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Death knell for author Elmore Leonard

Jay MacDonald

If you are a fan of Elmore Leonard, who passed away Aug. 20 at age 87 at his Michigan home, chances are you have a touch of larceny in your soul. Not the stick-up-a-convenience-store variety, mind you; more a guilty appreciation for revenge served cold or a bad deed done well.

Leonard’s turf has always been the gray area where all manner of lost and disoriented souls find justification for their actions. However disparate his characters may appear on the surface, like always attracts like in Leonard’s world, whether they’re cops and crooks or saints and sinners.
Death knell for author Elmore Leonard
Those who managed to somehow miss the written works of the “Dickens of Detroit” probably know Leonard best for the Hollywood versions of his lowdown character studies, such as the George Clooney-Jennifer Lopez hit, “Out of Sight,” the John Travolta mob-meets-movie-industry crime comedy, “Get Shorty,” or his late-bloomer of a TV series, “Justified.”

Leonard’s typical setup was simple: throw together a handful of honest, hardworking sorts with two or three desperately compromised schemers, add money or revenge as the plot engine, shake well and let them reason it all out, or not, with that wickedly funny dialog that was his stock in trade. In “Rum Punch,” the ingredients are an arms dealer, a flight attendant and a bail bondsman. In “Pagan Babies,” it’s a Detroit street preacher, a Rwandan charity and a stand-up comedienne. In “Tishomingo Blues,” it’s a carnival high diver, a Detroit money launderer and the “Cornbread Costa Nostra.”

Mo’ money and credit card abuse for their own sake were rarely prime motivators for Leonard’s unlikely assemblages of dirt bags and dreamers. Instead, he preferred to mine the far richer veins of justice, revenge and the humorous rulemaking we all engage in to keep our financial lives on track.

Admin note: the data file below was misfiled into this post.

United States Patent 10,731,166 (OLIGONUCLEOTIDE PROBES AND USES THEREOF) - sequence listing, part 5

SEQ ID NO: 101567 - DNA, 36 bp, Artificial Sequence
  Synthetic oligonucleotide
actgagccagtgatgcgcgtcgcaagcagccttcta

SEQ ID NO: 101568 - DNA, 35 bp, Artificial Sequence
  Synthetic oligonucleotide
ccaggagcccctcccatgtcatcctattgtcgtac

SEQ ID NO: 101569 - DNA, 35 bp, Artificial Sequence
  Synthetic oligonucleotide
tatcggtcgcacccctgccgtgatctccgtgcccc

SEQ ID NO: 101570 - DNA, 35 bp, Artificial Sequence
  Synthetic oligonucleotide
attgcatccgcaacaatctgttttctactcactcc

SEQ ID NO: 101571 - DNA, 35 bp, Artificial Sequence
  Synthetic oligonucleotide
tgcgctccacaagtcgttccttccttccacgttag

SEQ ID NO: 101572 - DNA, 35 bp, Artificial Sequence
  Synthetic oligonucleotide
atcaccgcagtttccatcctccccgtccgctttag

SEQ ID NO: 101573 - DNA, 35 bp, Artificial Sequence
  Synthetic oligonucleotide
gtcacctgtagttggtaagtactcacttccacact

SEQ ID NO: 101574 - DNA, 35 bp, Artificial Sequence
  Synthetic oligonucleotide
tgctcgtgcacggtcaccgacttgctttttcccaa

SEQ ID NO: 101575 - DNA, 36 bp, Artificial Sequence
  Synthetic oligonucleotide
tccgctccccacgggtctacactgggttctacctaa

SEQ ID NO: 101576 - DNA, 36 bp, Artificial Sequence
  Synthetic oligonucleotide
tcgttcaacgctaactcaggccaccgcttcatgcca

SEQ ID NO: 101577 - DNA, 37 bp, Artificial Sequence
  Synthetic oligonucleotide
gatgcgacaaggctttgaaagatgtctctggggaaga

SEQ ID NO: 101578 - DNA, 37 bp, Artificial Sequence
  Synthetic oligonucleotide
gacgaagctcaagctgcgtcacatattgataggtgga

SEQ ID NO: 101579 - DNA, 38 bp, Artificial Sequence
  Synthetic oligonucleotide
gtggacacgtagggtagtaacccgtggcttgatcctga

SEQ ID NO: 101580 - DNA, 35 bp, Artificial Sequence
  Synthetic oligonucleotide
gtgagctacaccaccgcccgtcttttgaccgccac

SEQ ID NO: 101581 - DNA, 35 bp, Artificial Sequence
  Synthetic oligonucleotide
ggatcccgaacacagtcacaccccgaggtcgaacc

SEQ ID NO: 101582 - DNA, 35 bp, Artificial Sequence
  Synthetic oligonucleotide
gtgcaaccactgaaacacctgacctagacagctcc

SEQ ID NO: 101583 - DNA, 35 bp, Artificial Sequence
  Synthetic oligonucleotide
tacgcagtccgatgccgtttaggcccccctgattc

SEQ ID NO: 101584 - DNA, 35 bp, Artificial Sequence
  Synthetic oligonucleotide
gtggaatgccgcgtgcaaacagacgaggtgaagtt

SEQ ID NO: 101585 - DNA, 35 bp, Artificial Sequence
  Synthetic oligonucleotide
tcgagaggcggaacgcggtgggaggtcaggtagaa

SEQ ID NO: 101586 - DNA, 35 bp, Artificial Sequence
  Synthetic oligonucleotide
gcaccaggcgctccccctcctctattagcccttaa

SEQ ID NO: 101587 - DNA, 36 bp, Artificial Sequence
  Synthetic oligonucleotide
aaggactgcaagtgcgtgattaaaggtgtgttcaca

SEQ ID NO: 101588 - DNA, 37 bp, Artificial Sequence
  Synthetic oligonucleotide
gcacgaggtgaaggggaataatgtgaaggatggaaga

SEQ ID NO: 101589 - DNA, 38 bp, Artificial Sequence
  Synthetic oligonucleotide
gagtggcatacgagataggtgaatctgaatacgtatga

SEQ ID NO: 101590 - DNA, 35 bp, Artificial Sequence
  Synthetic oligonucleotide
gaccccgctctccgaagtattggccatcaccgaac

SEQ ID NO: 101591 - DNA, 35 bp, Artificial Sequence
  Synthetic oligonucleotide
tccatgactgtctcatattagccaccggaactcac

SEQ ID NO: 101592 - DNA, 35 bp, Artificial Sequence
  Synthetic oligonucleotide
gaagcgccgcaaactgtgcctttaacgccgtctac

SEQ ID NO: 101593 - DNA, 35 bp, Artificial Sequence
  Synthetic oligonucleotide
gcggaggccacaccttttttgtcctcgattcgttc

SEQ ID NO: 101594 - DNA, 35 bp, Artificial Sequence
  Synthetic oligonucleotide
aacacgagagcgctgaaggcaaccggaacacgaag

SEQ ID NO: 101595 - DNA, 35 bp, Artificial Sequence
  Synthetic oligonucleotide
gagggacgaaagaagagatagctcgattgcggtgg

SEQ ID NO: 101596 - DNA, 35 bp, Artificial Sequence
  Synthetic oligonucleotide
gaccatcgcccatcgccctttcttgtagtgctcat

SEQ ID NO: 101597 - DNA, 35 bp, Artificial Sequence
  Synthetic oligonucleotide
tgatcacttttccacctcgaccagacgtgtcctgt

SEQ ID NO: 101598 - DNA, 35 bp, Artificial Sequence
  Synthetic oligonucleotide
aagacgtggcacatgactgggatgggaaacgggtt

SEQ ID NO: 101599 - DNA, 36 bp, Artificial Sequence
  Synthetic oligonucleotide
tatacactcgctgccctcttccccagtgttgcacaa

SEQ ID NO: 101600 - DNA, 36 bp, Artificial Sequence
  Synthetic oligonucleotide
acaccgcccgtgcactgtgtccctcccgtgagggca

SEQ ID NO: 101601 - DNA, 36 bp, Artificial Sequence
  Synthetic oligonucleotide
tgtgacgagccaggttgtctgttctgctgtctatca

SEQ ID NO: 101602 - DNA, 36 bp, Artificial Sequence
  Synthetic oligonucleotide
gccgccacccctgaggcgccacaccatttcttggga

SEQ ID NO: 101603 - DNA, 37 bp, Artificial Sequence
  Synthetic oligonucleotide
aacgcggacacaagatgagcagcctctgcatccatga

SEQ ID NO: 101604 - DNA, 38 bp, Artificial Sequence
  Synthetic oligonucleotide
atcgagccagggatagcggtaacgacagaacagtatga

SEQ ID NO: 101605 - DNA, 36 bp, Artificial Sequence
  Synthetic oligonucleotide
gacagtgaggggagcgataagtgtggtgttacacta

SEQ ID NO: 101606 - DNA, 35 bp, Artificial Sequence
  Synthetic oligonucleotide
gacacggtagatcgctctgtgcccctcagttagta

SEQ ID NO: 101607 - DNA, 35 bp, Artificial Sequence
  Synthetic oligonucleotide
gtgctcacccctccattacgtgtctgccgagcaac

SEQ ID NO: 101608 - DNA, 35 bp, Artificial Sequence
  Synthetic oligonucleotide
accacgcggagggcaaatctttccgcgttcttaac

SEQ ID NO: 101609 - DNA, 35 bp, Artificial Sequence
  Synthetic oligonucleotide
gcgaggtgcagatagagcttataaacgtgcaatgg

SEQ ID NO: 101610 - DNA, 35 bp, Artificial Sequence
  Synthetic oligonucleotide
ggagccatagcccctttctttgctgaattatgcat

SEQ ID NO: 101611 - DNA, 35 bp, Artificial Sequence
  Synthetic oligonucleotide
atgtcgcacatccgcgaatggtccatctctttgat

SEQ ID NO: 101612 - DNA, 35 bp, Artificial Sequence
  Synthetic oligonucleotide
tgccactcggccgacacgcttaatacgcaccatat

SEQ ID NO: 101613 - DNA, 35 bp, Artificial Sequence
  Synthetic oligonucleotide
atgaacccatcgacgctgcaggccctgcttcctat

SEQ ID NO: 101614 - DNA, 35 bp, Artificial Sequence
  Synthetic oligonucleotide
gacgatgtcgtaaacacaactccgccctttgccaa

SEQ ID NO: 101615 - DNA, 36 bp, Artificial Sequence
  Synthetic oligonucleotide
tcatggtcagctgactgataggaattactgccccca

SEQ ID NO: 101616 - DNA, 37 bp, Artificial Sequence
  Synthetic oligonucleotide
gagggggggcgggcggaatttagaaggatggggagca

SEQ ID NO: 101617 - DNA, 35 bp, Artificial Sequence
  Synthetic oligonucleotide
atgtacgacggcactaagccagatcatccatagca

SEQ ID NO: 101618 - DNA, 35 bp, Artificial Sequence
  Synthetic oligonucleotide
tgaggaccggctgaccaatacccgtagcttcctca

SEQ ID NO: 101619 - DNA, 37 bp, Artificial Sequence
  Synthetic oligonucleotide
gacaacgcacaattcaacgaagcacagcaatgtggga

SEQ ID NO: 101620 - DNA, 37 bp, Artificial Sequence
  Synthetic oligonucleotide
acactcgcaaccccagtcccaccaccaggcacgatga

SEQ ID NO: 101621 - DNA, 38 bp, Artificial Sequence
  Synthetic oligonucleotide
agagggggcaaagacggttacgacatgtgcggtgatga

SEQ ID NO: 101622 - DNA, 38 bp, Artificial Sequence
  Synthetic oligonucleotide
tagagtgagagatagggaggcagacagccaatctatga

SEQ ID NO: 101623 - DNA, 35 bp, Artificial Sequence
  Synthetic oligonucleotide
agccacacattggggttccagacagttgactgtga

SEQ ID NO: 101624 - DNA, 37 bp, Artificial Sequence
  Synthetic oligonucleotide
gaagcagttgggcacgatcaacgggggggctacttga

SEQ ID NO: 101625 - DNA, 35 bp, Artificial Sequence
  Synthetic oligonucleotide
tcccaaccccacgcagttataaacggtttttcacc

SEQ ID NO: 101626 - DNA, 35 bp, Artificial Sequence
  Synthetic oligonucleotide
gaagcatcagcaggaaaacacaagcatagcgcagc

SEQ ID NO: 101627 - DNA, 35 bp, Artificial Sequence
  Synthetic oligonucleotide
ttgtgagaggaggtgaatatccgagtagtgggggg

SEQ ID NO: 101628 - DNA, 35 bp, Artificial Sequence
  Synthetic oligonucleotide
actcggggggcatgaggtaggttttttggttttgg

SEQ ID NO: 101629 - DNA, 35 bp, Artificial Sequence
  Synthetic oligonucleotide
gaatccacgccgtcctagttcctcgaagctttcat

When NPR’s Kai Ryssdal suggested in a 2010 interview that Leonard write a novel about the financial crisis and fast times on Wall Street, the author wanted no part of it. “Where’s the action?” Leonard asked. “My people don’t have stock. I think it’s the most boring thing in the world to make your money that way, using money to make money.”

That said, debt, with its laundry list of discontents, was the chief stock in trade of Chili Palmer, the lovable mobbed-up Miami loan shark who moves west to see how much juice he can squeeze from the Hollywood film industry (“Get Shorty”) and the record biz (“Be Cool”).

It was my good fortune to have the opportunity to interview Leonard several times over the years. Though it wasn’t widely known, Leonard had a particular fondness for auctioning off for charity the naming rights to a character or two in his works-in-progress. In “Mr. Paradise,” a prominent federal judge named Avern Cohen earned the distinction of becoming a bottom-feeding defense attorney who runs a murder-for-hire racket on the side. In “Be Cool,” Leonard transformed a diminutive guy named Elliot Wilhelm, who runs the film program at the Detroit Institute of Art, into a six-foot-six, 260-pound gay Samoan bodyguard.

“I was thinking of that actor, the Rock, who can raise one eyebrow to indicate that he can act and they hired him to play the part,” Leonard said.

In our chats over the years, Leonard always expressed genuine surprise that readers knew him at all, and that those who did considered him a mystery writer, though given his seedy casts, he well understood.

“I feel a little out of place because I don’t write mysteries,” he told me. “There’s nothing mysterious going on.”

And I could always tell by the way he said it that he rather liked getting away with a little
harmless larceny himself.

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